By Amelia Arvesen
KU Statehouse Wire Service
TOPEKA — Kansas could become one of the first states to implement a new tax-free savings program that would allow people with disabilities to save more for their futures.
In Tuesday’s House Children and Seniors Committee meeting, Kansas representatives advanced House Bill 2100 to the floor.
The bill cites the federal ABLE (Achieving a Better Life Experience) Act, signed by President Barack Obama in December. People who become disabled before the age of 26 can save for college while still receiving federal aid.
Rep. Erin Davis (R-Olathe) said supporters will lobby in the coming months to get the bill passed.
“It’s providing the disabled to be somewhat self-sufficient and have some savings for things that insurance or Medicaid or Social Security Disability doesn’t cover: housing, transportation, education, in addition to medical needs,” Davis said. “It’s providing some independence for them.”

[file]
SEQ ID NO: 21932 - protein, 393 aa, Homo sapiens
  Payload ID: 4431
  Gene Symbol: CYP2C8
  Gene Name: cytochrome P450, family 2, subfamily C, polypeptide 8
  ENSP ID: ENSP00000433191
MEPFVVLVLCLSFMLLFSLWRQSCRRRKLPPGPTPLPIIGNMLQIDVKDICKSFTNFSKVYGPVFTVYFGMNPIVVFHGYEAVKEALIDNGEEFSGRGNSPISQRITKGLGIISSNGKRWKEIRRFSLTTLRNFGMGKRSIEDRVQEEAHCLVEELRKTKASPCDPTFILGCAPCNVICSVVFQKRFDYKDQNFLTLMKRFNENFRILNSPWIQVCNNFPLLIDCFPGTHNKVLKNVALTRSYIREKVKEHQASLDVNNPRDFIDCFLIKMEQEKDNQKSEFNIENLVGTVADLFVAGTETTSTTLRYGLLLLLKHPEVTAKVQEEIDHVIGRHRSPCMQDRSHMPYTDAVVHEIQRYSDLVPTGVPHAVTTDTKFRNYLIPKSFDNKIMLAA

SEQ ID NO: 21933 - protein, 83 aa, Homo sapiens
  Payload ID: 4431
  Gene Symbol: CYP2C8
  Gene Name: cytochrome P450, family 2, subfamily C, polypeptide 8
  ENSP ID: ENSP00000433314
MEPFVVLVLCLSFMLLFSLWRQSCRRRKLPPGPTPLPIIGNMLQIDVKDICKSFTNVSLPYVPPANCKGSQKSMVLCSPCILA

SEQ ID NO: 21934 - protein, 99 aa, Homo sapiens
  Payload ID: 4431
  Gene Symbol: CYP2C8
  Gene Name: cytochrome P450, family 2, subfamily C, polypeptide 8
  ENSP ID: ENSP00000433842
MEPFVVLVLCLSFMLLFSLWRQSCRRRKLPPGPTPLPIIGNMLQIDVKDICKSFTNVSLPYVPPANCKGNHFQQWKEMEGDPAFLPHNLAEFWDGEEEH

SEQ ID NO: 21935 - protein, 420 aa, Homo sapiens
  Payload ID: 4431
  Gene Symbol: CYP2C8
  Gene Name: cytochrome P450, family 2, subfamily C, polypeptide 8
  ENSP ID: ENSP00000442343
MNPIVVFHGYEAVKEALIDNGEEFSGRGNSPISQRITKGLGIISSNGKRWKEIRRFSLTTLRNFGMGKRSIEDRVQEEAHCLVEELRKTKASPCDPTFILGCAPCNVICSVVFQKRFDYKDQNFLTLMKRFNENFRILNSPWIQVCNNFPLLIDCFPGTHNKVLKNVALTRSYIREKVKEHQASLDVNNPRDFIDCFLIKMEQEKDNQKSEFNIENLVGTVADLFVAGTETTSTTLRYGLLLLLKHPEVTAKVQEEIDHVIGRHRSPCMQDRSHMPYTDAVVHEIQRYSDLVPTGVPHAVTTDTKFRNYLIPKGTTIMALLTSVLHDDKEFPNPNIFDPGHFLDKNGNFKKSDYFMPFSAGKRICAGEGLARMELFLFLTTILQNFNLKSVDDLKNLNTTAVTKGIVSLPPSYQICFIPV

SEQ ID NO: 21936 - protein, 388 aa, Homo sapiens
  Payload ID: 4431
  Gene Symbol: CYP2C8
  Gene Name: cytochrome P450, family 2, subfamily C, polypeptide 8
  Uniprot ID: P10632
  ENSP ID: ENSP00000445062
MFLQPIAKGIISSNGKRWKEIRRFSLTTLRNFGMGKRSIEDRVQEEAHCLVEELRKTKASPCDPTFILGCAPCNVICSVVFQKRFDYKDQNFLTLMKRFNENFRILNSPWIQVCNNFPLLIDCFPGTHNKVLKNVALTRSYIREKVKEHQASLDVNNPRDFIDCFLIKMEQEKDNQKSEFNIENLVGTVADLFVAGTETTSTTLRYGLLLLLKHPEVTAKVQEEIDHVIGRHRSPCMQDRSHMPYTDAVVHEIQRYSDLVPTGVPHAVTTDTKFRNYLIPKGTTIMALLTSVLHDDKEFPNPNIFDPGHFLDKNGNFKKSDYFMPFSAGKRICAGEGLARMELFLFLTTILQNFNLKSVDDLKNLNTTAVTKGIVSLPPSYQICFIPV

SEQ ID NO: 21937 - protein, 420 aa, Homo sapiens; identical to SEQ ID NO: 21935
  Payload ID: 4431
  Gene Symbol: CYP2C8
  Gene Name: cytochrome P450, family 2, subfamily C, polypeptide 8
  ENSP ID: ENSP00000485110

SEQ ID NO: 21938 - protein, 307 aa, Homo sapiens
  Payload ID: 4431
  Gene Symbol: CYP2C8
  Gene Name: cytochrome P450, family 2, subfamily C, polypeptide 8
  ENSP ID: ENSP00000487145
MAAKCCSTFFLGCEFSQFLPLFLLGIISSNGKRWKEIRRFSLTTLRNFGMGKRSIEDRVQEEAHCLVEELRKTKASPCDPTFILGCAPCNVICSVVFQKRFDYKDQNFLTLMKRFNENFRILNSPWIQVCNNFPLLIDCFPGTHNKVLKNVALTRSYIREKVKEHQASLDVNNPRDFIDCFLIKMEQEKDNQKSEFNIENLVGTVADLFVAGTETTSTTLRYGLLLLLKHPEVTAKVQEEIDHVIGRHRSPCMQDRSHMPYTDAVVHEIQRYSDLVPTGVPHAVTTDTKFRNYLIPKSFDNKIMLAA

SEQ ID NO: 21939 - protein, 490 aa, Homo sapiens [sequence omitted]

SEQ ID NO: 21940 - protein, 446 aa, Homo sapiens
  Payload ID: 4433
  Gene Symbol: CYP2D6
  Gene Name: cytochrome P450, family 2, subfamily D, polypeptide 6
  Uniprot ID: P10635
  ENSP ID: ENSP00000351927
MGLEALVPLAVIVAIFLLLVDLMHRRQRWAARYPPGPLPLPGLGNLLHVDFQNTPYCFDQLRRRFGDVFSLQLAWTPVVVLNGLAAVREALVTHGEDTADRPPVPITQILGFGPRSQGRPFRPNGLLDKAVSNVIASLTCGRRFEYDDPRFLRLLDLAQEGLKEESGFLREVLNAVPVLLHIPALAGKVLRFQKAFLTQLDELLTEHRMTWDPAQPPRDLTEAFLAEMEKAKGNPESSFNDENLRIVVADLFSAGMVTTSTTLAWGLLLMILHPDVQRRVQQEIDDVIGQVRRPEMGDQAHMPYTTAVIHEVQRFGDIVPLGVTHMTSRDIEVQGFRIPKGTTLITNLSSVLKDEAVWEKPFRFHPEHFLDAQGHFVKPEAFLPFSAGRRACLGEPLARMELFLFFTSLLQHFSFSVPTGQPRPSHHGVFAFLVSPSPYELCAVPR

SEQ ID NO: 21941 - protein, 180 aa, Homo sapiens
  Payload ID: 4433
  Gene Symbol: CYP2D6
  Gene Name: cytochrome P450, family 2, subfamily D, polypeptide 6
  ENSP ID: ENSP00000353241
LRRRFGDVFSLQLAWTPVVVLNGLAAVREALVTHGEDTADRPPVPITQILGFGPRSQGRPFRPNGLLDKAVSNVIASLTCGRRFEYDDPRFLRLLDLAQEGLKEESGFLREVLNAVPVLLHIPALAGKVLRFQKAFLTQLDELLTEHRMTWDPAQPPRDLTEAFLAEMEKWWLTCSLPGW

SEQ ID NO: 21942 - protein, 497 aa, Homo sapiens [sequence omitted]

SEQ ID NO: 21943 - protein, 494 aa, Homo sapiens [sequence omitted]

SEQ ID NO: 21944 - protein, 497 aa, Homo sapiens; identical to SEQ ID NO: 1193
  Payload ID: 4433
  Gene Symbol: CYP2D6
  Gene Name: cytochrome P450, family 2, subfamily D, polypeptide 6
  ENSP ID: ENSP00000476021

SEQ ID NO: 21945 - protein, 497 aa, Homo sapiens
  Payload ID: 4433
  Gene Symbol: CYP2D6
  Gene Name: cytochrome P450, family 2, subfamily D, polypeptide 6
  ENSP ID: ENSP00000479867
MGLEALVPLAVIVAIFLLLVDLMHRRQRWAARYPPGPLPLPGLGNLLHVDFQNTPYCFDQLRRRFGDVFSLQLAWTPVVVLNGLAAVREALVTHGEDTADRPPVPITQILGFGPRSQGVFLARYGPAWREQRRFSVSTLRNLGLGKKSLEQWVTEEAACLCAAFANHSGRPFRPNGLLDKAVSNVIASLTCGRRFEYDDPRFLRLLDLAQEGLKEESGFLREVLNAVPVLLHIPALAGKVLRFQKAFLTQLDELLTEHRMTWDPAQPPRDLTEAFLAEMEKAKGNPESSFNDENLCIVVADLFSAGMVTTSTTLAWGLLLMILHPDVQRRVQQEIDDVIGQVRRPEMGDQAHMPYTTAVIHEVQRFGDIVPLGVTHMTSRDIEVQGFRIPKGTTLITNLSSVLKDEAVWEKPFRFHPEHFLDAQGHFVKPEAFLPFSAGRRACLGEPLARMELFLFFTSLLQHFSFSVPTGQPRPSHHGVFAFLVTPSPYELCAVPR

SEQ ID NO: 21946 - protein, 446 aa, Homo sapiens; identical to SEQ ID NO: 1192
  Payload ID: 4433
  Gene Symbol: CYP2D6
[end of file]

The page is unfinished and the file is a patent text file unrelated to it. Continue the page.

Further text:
Current legislation allows individuals with disabilities to save $2,000 a year but HB 2100 would hike that amount to a $14,000 yearly limit. Savings in the accounts would not count toward Medicaid eligibility, and any amount under $100,000 would be excluded for Social Security disability eligibility, according to the bill’s fiscal note.
Rep. Willie Dove (R-Bonner Springs), who serves as vice chair of the committee, said a disability does not disqualify a person from making rational decisions, including whether to attend college.
“One of the things that I have seen personally is that individuals who need the extra care before they get to the point where they have assistance offered to them, it’s not enough,” Dove said. “A lot of these individuals want to make decisions on their own.”
Davis said because no other state has participated in the program, the true fiscal impact is still unknown. She said regardless of the fiscal impact, the tradeoff is great because it provides people a means to care for themselves.
The bill garnered no opposition in a hearing last week, where U.S. Rep. Kevin Yoder, (R-Overland Park) provided testimony in favor of the bill.
It will be sent to the Speaker’s office who will determine whether it will be voted on.
Amelia Arvesen is a University of Kansas senior from San Ramon, California, majoring in journalism.